Mind, Character, and Personality, vol. 2


Mind, Character, and Personality Volume 2

Section 9—Interrelationship of Body and Mind

Chapter 39—Harmonious Action of the Whole Personality Necessary

A Mysterious Interrelationship—Between the mind and the body there is a mysterious and wonderful relation. They react upon each other. To keep the body in a healthy condition to develop its strength, that every part of the living machinery may act harmoniously, should be the first study of our life. To neglect the body is to neglect the mind. It cannot be to the glory of God for His children to have sickly bodies or dwarfed minds.—Testimonies for the Church 3:485, 486 (1875). 2MCP 373.1

Harmony Depends Upon Conformity to Fixed Laws—The harmony of creation depends upon the perfect conformity of all beings, of everything, animate and inanimate, to the law of the Creator. God has ordained laws for the government, not only of living beings, but of all the operations of nature. Everything is under fixed laws, which cannot be disregarded. But while everything in nature is governed by natural laws, man alone, of all that inhabits the earth, is amenable to moral law.—Patriarchs and Prophets, 52 (1890). 2MCP 373.2

A Harp of a Thousand Strings—It is not only the privilege but the sacred duty of all to understand the laws God has established in their beings.... And as they more fully understand the human body, ... they will seek to bring their bodies into subjection to the noble powers of the mind. The body will be regarded by them as a wonderful structure, formed by the Infinite Designer, and given in their charge to keep this harp of a thousand strings in harmonious action.—The Health Reformer, September, 1871. (My Life Today, 148.) 2MCP 373.3

All Part of a Perfect Whole—We are all represented as being members of the body, united in Christ. In this body there are various members, and one member cannot perform exactly the same office as another.... Yet all these organs are necessary to the perfect whole and work in beautiful harmony with one another. The hands have their office, and the feet theirs. One is not to say to the other, “You are inferior to me”; the hands are not to say to the feet, “We have no need of you”; but all are united to the body to do their specific work and should be alike respected, as they conduce to the comfort and usefulness of the perfect whole.—Testimonies for the Church 4:128 (1876). 2MCP 374.1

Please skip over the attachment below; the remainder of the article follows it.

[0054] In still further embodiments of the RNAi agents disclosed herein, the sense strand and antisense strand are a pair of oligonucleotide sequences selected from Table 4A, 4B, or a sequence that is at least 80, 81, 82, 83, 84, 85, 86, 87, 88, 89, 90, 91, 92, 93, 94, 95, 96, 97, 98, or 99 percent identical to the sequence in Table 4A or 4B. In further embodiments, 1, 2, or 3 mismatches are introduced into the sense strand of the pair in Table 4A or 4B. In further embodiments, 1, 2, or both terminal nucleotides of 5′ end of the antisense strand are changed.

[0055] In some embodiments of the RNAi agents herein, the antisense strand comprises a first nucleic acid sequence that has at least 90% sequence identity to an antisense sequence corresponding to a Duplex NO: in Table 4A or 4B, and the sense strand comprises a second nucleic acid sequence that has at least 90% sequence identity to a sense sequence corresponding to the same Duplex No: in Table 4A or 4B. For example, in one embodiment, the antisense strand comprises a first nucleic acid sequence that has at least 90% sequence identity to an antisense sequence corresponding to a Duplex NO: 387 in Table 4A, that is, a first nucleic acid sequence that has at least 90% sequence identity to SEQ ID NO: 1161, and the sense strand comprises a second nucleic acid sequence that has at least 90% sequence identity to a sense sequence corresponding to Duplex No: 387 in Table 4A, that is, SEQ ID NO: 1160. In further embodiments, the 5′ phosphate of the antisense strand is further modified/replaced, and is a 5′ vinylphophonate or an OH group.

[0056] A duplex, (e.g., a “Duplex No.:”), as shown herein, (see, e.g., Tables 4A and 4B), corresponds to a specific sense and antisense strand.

The Harmonious Development of Both Mental and Moral Faculties—The improvement of the mind is a duty which we owe to ourselves, to society, and to God. But we should never devise means for the cultivation of the intellect at the expense of the moral and the spiritual. And it is only by the harmonious development of both the mental and the moral faculties that the highest perfection of either can be attained.—The Review and Herald, January 4, 1881. 2MCP 374.2

Lack of Harmonious Action Brings Disease—It is the lack of harmonious action in the human organism that brings disease. The imagination may control the other parts of the body to their injury. All parts of the system must work harmoniously. The different parts of the body, especially those remote from the heart, should receive a free circulation of blood. The limbs act an important part and should receive proper attention.—Special Testimonies, Series B 15:18, April 3, 1900. (Counsels on Health, 587.) 2MCP 374.3

An Impaired Faculty Injures the Whole—If one faculty is suffered to remain dormant, or is turned out of its proper course, the purpose of God is not carried out. All the faculties should be well developed. Care should be given to each, for each has a bearing upon the others, and all must be exercised in order that the mind be properly balanced. 2MCP 375.1